BRDO, Slovenia (Reuters) – The possibility of exempting “green” investments from the calculation of the EU deficit will be part of the discussions when the EU’s fiscal rules are revised, the vice-president of the EU said on Saturday. European Commission Valdis Dombrovskis.
The idea of exempting investments that would help prevent climate change is to support the bloc’s ambition to reduce net CO2 emissions to zero by 2050. The exemption of investments in such projects has been dubbed by European officials the “golden rule”.
“Obviously, the question of a golden rule, one way or another, will be part of the discussion on the EU fiscal framework,” Dombrovskis told reporters after a second day of talks of EU finance ministers in the Slovenian town of Brdo.
During the two-day summit, finance ministers from the 27-nation bloc debated how to change fiscal rules to better adapt them to new economic realities once EU fiscal rules, now on hold. at the end of 2022, will be restored from 2023.
Some, like French Finance Minister Bruno le Maire, said the idea of the green exemption was worth discussing because it would help generate the very large funds needed to transform their economies over the next few years.
Others, like Austrian Finance Minister Gernot Bluemel, have expressed concern about how such a rule might work in practice, given the difficulty of precisely defining what constitutes a “green” investment.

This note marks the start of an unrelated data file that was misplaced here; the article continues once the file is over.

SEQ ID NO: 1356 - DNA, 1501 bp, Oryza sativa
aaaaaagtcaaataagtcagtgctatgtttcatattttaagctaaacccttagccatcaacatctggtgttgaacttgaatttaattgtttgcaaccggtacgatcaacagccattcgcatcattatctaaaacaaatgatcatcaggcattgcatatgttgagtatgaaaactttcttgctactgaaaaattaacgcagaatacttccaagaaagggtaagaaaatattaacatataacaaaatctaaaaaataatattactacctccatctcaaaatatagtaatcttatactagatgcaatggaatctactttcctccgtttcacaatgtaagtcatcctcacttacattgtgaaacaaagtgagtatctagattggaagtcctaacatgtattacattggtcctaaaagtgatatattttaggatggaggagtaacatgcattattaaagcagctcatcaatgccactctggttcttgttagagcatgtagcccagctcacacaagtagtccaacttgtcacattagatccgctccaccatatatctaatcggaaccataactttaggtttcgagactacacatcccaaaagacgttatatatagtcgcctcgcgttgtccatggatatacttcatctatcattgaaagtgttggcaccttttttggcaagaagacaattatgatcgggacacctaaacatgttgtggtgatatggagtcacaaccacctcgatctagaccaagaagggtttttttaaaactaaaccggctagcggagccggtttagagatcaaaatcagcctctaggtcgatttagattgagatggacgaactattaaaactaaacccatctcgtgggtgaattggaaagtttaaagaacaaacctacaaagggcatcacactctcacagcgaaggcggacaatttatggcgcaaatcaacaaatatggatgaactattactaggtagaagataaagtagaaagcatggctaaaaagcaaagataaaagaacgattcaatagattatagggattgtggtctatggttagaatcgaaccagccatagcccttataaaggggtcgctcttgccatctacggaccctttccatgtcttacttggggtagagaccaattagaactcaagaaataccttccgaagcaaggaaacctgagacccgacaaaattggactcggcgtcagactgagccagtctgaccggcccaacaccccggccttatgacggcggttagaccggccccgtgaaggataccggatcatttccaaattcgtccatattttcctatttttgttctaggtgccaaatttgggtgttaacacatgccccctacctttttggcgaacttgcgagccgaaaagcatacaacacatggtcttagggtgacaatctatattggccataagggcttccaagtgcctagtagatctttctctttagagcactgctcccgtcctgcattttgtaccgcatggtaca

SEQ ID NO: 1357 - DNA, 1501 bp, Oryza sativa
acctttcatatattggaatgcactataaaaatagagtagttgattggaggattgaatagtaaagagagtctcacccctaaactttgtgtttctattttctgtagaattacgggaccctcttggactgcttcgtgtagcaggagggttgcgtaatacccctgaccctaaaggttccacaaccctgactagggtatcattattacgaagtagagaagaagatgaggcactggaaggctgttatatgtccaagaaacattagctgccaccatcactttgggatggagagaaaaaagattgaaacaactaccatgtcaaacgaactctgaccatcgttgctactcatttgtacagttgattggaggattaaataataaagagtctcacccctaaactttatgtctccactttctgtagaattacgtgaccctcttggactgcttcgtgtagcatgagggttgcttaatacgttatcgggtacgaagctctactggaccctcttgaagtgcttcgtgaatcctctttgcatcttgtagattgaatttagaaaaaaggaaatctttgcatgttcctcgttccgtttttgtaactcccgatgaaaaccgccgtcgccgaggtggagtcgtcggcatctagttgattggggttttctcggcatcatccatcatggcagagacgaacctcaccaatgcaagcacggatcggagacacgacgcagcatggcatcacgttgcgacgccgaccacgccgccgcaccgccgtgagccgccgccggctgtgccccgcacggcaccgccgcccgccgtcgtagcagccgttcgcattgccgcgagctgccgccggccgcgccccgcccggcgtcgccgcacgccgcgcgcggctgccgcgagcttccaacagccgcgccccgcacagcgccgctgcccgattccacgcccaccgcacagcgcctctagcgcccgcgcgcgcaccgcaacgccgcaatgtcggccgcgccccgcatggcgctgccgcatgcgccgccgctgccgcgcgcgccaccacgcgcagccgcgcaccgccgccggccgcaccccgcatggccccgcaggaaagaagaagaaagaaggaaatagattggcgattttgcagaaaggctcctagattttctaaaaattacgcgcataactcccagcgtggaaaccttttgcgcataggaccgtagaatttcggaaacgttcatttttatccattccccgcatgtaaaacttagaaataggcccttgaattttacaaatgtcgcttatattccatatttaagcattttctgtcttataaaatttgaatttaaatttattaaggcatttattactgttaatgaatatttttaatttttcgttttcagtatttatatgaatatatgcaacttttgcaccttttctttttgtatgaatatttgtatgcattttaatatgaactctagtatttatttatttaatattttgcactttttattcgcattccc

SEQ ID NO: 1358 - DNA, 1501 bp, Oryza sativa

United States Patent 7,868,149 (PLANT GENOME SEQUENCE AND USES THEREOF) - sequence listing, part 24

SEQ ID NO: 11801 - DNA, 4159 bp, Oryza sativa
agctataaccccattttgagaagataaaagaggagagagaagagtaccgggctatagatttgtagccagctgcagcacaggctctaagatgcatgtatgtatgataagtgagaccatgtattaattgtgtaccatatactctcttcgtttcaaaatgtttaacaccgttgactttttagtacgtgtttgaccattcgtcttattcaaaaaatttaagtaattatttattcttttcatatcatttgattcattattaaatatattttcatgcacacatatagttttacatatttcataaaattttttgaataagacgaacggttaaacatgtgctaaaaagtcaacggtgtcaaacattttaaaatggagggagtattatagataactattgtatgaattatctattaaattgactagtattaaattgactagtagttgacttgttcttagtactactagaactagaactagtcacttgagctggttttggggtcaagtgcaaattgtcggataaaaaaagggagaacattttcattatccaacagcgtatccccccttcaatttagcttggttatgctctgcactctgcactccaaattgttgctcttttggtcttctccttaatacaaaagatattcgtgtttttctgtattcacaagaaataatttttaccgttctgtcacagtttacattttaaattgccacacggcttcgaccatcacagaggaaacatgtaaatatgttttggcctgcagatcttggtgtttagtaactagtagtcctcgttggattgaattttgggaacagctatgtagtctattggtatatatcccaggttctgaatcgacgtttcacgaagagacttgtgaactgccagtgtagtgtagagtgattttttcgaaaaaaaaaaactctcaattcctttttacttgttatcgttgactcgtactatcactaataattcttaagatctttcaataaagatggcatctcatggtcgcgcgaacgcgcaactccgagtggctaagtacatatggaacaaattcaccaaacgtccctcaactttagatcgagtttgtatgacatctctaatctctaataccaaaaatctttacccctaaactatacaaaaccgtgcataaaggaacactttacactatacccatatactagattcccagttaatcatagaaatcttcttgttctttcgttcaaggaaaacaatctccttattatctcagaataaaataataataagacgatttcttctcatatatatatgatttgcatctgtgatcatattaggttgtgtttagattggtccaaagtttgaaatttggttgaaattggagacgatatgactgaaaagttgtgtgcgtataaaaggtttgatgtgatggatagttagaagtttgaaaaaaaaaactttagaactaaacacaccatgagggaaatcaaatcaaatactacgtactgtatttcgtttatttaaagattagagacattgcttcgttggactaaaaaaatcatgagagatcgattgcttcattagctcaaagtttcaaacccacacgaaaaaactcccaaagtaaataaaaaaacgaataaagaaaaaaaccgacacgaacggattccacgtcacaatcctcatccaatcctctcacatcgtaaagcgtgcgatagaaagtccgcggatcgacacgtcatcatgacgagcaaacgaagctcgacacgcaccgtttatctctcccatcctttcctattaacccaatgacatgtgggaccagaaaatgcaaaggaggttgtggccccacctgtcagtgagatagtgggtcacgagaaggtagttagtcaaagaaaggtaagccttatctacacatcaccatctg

“From an economic and scientific point of view, this can make sense,” he said.
“But I have seen many times in the past that such exceptions in budget practice – because the idea of a golden rule is not new – that this is often used as an excuse when the political will lack to obey the rules. And of course that shouldn’t be, “he said.
“Mechanisms must be built in to ensure that they are not misused,” he said.
The idea of an exemption for green investments was presented by the Bruegel think tank in a document commissioned by the ministers. The document also suggested that the EU’s requirement for governments to reduce public debt each year by one-twentieth of the surplus of more than 60% of GDP was too ambitious in a post-pandemic economy.
(Report by Jan Strupczewski and Michael Nienaber, edited by Ros Russell)
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